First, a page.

We toured a few places this year and the amount of work people put in is incredible. Not to mention the money involved. Some families must spend thousands of dollars on their Christmas lighting displays, and many have charity collection boxes at their front gate.

The city I live in, Chandler, has a downtown area which is nicely lit up and boasts a curious 60-year old tradition. The Christmas tree centerpiece is made up entirely of tumbleweed bushes bound together. Volunteers collect the tumbleweed – of which there is plenty in the Arizona desert – and build up the tree.

The other hugely impressive display is at the Mormon Temple in the next-door city of Mesa. Every year, tens of thousands of families make a special trip to visit the illumination display there.

It is all a welcome change from Scotland where I remember only a handful of houses being ‘lit up’ – often for charity – during the festive season. That was followed by newspaper headlines that thieves had stolen the charity money, or that neighbours were unhappy that they couldn’t hear Coronation Street for the noise outside. Bah humbug, right enough.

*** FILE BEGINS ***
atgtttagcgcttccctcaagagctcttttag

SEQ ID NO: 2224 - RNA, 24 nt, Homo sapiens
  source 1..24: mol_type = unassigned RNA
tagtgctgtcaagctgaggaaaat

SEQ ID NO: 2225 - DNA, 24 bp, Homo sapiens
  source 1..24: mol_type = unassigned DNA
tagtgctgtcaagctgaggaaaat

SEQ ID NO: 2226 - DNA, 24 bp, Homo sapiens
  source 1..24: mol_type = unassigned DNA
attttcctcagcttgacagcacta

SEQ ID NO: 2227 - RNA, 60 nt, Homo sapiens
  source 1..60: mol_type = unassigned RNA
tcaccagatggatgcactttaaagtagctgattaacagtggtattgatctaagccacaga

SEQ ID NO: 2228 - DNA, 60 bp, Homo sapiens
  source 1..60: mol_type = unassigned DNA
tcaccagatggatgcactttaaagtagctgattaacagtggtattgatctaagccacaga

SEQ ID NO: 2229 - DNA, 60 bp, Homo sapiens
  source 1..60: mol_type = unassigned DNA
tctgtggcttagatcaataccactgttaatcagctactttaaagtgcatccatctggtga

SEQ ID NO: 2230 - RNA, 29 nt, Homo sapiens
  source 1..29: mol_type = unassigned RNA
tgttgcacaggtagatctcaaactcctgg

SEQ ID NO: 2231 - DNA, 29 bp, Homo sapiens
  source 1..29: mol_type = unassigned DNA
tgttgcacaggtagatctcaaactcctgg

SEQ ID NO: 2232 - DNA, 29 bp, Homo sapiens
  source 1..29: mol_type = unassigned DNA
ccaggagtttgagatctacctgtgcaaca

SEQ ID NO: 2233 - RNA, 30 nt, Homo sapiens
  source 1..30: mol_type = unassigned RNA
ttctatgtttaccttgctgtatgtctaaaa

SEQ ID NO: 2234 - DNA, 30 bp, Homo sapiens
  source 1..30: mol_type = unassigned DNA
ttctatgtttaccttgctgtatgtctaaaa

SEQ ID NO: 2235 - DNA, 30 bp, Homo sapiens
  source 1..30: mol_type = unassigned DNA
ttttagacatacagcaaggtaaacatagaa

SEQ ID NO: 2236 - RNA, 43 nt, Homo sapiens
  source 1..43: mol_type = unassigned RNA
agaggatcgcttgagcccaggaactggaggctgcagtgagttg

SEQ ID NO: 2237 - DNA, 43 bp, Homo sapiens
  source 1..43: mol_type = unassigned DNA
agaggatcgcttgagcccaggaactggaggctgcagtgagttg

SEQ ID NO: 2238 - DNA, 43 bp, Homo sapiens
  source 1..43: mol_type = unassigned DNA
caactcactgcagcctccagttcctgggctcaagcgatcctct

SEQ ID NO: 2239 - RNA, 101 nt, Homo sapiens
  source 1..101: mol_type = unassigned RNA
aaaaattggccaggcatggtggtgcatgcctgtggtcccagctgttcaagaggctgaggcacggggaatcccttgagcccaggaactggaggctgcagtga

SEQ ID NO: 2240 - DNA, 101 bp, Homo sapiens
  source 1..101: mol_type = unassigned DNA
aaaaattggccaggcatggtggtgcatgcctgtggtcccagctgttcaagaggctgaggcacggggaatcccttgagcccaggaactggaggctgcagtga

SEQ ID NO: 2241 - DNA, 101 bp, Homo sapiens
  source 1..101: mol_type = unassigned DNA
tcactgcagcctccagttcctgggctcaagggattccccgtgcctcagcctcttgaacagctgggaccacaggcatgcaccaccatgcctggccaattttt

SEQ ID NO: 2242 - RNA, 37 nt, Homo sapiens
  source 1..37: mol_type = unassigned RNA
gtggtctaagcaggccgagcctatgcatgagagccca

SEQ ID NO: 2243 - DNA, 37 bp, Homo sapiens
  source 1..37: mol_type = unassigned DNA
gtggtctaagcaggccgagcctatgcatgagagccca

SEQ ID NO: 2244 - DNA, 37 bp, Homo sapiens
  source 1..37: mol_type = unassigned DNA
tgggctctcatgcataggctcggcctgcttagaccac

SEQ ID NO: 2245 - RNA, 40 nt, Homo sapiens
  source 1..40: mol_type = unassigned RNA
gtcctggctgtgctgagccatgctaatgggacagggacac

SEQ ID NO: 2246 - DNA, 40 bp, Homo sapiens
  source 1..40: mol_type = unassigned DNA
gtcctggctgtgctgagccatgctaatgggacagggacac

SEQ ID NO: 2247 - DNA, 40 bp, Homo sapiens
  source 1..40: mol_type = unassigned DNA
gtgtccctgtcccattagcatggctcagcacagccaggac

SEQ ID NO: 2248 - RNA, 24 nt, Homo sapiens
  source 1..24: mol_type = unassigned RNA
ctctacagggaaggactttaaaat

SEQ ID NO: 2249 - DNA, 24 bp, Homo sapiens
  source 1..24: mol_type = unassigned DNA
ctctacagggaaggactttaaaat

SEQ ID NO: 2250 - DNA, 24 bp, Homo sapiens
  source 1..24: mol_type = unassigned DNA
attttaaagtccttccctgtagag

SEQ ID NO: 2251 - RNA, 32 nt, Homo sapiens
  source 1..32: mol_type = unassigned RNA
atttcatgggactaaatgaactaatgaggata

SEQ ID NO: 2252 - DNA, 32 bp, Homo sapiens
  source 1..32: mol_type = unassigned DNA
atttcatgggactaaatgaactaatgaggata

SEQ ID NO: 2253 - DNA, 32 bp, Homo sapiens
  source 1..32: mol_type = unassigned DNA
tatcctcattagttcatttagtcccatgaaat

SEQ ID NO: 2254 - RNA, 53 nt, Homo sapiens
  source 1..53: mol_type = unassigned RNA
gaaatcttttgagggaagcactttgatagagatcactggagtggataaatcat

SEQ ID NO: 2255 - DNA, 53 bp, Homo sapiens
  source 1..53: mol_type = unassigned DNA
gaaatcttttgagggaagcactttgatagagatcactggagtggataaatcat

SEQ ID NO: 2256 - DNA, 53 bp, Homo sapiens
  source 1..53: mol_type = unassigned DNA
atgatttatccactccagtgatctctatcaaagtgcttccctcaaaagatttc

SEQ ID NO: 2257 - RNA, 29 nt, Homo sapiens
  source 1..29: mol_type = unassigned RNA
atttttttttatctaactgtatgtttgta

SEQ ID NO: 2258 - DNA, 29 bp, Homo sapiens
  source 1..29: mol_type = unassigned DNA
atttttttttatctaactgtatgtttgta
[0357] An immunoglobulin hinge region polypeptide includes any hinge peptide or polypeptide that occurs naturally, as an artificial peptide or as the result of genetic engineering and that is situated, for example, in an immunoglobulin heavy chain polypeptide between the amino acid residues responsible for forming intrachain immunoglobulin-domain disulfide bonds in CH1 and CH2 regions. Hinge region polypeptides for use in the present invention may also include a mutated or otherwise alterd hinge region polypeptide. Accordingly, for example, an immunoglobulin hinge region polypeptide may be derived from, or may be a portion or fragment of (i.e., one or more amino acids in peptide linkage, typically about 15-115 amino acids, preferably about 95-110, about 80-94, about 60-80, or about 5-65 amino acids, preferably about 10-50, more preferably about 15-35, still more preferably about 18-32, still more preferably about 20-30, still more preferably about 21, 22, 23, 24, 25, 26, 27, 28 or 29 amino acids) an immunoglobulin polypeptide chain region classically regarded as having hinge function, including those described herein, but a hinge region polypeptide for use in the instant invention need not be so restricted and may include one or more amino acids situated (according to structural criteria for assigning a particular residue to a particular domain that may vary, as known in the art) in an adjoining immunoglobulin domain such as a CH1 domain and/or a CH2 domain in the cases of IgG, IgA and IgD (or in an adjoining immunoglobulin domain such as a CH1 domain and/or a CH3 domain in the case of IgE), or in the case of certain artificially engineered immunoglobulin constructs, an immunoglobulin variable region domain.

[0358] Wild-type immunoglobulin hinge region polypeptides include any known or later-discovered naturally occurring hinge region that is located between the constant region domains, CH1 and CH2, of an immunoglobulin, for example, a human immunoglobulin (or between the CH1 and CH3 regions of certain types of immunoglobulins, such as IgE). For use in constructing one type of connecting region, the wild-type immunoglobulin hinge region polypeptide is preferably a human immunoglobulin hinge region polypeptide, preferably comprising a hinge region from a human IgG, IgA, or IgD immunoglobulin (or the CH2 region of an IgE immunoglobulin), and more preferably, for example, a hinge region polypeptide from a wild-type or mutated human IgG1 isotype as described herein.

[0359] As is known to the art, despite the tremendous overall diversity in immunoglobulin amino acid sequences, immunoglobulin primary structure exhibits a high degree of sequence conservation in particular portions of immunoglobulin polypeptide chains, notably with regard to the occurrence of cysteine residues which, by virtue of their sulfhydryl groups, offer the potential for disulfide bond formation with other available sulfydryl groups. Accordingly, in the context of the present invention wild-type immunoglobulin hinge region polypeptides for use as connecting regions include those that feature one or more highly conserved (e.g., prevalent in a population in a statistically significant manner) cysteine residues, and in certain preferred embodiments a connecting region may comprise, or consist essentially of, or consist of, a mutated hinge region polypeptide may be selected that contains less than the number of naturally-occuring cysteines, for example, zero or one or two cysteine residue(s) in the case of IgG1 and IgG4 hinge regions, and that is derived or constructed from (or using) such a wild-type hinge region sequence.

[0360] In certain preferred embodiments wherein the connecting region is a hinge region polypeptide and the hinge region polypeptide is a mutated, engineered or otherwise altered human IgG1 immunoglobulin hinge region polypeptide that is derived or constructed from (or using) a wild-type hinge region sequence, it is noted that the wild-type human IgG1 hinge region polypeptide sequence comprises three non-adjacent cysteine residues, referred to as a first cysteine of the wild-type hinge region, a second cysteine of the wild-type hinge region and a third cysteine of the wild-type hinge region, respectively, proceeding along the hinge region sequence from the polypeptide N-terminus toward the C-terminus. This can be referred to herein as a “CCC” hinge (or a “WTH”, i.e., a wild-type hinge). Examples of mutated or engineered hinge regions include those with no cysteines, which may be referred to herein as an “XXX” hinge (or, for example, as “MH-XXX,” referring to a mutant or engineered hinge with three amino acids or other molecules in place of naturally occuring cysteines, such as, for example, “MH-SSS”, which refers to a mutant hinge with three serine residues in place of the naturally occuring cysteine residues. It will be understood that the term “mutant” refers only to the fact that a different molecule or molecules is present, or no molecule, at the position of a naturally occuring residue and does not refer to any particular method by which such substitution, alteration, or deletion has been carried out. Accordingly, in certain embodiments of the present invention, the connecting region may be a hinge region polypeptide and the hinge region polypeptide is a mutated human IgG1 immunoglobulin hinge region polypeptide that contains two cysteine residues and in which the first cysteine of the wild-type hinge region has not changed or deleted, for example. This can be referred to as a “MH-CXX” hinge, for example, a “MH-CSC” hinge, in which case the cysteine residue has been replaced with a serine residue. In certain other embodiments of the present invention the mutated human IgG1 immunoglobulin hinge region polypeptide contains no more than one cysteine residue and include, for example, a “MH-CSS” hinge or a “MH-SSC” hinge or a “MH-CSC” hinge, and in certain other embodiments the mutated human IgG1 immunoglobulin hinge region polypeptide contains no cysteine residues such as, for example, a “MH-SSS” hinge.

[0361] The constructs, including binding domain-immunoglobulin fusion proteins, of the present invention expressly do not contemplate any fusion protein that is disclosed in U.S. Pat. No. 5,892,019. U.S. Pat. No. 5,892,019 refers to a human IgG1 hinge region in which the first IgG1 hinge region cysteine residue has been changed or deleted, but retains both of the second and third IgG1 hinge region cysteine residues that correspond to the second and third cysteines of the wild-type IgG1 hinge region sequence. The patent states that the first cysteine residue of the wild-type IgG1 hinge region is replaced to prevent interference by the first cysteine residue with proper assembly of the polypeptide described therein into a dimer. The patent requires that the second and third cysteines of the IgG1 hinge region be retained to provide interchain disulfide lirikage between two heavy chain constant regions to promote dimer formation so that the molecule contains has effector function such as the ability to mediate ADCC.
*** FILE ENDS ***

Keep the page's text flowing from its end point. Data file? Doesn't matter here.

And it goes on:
So here are a few shots of Arizona lit up for what they call over here ‘The Holidays’. Perhaps, in true American style, I’ll go and pour myself an eggnog.

Just a Wee Blether…

About hiding from the fugitive outside

Every so often a little incident happens that reminds me I’m not in Scotland any more, and that America can be a slightly scarier place. And it’s amazing how the imagination can play tricks.

The towns and cities that make up greater Phoenix typically consist of what they call neighbourhoods. The one I live in is typical. It has three entrances, two off main streets and another which is more of a back entrance, and there are in the region of 100 town houses with a couple of communal outdoor swimming pools.